Terpstra takes surprise Paris-Roubaix victory
The Netherlands' Niki Terpstra (Omega Pharma-Quick Step) reacts as he crosses the finish line to win the 112th edition of the Paris-Roubaix one-day classic cycling race on April 13, 2014 - by Eric Feferberg
The race had seemed set for a sprint finish among 11 riders but Terpstra took advantage of the marking of favourites Tom Boonen, Fabian Cancellara and Peter Sagan to go solo and win in the Roubaix velodrome after five hours 38 minutes and 57 seconds.
German sprinter John Degenkolb won the sprint for second 20 seconds later with Cancellara third.
Having finished fifth two years ago and third last year, 29-year-old Terpstra, who rides for Omega Pharma, finally delivered on his immense potential on the biggest Spring Classics stage of all.
It was an anti-climax to what seemed set to be the most thrilling Paris-Roubaix finish in many years.
Terpstra's team-mate Boonen had started hostilities 64km out when he attacked on the Beuvry-la-Foret cobbled section.
He helped close down the gap to the early breakaway and took a host of dangerous riders, including Briton Geraint Thomas, with him.
The BMC team of Belgian Greg Van Avermaet, who was second in last week's Tour of Flanders, led the chase, with Cancellara -- the reigning champion here and winner in Flanders -- biding his time.
A lead group of six opened up a 50-second lead but with 38km left, Belgian Sep Vanmarcke -- second to Cancellara last year and third in Flanders -- led a counter-attack, taking Cancellara with him.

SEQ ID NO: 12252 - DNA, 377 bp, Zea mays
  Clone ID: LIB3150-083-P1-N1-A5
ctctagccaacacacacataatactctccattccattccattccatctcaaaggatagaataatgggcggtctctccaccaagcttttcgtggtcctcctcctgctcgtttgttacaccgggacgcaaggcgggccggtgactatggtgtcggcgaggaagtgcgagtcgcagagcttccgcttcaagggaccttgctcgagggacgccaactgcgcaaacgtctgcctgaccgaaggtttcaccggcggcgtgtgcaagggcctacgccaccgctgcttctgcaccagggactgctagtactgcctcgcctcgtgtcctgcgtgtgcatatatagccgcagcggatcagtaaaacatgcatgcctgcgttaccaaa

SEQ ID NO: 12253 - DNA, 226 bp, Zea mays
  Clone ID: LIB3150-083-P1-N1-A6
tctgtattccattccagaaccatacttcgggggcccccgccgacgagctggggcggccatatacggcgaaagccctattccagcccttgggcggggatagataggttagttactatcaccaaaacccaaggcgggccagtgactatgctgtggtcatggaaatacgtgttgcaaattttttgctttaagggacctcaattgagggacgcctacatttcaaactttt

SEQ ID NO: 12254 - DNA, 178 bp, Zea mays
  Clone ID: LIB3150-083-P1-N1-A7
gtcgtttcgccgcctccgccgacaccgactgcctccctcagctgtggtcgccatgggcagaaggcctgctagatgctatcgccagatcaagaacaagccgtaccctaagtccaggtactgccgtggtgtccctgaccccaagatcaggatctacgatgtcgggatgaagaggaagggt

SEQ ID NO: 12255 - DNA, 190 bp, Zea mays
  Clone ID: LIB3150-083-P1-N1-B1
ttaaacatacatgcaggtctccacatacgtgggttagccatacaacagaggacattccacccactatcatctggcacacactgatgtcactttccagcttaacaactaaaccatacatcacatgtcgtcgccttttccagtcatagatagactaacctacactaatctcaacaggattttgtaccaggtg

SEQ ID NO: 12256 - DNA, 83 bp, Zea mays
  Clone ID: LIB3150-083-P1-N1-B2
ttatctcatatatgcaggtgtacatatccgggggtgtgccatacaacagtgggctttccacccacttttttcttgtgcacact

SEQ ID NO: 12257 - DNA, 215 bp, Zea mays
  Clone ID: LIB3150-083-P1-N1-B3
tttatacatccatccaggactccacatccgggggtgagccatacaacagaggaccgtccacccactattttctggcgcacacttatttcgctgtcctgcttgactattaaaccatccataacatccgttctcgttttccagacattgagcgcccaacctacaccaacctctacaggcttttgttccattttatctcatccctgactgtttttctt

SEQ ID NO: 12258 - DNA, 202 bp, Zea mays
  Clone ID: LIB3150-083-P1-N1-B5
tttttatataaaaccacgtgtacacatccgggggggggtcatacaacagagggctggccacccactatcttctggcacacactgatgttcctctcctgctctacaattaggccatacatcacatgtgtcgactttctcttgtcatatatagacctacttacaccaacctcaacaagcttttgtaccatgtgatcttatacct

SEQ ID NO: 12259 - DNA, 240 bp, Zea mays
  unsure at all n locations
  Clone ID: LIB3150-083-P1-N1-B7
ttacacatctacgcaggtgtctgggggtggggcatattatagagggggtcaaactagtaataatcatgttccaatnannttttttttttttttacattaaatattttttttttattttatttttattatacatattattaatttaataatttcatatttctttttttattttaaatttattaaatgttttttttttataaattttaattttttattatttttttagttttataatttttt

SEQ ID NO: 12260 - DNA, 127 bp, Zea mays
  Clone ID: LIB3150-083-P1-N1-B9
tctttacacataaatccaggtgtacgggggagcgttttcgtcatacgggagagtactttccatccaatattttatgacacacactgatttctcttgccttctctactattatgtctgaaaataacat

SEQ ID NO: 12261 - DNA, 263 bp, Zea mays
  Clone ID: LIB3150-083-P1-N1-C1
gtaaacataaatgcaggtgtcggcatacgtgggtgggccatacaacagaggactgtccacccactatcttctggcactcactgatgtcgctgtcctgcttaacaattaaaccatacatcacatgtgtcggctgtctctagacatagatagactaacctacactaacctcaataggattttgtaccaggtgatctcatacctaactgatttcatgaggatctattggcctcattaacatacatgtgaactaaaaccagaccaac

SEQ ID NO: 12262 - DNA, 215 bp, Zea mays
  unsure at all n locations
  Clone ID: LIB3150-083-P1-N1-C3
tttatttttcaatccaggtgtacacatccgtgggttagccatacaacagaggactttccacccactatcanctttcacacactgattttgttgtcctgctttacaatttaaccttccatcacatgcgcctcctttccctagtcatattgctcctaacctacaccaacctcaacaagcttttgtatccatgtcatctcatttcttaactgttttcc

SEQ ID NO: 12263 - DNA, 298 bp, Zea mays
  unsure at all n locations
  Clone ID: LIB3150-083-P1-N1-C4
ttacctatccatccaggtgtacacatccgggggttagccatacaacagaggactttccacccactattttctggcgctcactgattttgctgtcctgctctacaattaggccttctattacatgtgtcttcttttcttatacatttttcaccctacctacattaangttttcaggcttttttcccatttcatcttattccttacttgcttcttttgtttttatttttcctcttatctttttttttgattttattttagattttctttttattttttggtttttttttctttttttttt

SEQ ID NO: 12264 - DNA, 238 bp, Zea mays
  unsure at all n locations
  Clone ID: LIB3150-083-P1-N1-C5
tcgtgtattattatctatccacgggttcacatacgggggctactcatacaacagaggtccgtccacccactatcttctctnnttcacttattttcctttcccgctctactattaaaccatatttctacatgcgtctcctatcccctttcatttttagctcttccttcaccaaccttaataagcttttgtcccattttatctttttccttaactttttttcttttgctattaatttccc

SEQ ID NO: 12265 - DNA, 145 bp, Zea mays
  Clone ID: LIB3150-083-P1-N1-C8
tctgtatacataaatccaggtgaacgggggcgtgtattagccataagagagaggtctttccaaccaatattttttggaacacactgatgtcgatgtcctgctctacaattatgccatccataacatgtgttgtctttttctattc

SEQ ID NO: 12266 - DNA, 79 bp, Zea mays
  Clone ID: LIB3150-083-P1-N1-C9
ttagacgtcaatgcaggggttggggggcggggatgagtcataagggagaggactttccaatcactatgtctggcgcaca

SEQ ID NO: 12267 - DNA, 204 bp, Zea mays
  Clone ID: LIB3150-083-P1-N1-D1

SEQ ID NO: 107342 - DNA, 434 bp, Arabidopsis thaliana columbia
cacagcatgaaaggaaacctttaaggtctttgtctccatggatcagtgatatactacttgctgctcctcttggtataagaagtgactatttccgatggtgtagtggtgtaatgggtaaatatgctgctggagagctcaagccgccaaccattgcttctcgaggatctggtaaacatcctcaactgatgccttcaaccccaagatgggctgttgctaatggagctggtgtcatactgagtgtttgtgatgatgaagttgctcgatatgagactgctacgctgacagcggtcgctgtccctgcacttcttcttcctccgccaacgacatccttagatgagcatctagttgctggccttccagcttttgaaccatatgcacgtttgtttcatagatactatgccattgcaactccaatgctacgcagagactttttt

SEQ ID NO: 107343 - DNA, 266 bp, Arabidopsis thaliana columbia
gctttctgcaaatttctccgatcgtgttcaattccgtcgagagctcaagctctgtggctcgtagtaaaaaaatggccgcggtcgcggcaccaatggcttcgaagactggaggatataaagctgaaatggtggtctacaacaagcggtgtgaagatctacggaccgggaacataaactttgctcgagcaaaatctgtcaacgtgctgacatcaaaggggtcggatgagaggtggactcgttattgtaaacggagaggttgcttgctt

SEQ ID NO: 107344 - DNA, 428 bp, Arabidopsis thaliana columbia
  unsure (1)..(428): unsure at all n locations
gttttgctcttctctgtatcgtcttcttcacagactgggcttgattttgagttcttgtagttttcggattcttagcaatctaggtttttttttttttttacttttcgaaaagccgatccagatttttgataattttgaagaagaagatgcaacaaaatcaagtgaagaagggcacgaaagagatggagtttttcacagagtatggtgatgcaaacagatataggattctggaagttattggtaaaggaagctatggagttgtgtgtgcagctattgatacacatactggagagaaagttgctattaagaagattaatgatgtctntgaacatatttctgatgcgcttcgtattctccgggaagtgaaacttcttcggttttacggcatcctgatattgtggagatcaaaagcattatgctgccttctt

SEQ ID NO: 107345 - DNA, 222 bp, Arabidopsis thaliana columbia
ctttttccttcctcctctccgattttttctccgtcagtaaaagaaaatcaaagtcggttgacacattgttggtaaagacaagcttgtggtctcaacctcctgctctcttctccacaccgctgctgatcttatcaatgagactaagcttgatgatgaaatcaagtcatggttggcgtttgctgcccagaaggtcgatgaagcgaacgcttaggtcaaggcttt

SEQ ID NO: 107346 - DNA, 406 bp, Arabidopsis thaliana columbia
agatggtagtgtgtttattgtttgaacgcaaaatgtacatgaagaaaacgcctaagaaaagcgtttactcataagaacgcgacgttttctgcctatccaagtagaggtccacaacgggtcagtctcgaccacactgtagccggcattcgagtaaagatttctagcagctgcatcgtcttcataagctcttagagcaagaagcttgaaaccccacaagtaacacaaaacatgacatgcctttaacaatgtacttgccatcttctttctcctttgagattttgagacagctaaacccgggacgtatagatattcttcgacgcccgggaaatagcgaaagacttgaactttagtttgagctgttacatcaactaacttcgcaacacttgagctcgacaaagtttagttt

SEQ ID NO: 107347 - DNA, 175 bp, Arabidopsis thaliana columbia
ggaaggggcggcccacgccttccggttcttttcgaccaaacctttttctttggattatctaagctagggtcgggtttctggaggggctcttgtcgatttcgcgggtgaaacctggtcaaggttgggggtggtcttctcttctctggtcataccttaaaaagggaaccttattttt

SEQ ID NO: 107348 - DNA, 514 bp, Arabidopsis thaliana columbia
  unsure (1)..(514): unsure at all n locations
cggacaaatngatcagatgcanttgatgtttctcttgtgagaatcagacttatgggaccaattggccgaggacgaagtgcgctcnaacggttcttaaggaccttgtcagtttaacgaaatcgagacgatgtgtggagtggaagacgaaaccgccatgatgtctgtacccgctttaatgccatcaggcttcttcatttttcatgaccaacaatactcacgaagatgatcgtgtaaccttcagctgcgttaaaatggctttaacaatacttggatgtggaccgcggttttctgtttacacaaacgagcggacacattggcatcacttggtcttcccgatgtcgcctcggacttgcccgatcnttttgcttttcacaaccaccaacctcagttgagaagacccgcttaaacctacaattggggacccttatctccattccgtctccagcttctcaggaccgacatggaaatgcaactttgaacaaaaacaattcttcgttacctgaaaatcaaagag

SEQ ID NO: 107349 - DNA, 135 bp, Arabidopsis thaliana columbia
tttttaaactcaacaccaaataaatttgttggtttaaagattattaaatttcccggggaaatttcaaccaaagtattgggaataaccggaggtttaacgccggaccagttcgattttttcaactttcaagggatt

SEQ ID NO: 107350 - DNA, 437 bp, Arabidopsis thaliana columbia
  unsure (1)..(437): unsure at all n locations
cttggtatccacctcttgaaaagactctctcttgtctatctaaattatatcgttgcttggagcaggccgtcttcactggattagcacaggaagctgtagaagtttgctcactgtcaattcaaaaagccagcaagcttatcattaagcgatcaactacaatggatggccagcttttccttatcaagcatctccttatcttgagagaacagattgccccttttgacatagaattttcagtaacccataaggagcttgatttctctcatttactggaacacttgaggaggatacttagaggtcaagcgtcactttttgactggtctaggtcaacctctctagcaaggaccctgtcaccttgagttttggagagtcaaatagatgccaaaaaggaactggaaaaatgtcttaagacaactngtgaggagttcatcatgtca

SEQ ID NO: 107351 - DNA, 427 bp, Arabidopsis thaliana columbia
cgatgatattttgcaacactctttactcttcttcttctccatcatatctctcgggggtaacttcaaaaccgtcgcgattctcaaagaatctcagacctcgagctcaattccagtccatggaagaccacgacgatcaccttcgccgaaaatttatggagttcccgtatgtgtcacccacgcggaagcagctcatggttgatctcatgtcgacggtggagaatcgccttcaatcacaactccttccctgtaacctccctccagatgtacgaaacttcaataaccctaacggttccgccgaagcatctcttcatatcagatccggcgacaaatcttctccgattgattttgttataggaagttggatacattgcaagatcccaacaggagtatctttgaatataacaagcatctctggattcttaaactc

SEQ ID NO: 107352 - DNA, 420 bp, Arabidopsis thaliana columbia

That closed the gap to under 30 seconds before they sat up and Sagan was next to try to close the distance, which he managed with 24km left.
Within a few more kilometres, another Vanmarcke-Cancellara acceleration breached the peloton's gap to the leaders and almost immediately, that pair went on the attack.
Degenkolb, Boonen's team-mate Zdenek Stybar and Sagan went with them, with 2012 Tour de France winner Bradley Wiggins in a group of six chasers who kept the gap at only 15-20 seconds.
Wiggins's Sky team-mate Thomas worked hard with Boonen and Terpstra to join the quintet in front with 9km left.
That made Degenkolb, as the best sprinter, the main dangerman and as the favourites watched each other to see who would make a break for home, Terpstra jumped away with just over 6km remaining.
Initially no-one reacted and he quickly eked out a lead of over 10 seconds, at which point it was clear the rest were racing for second.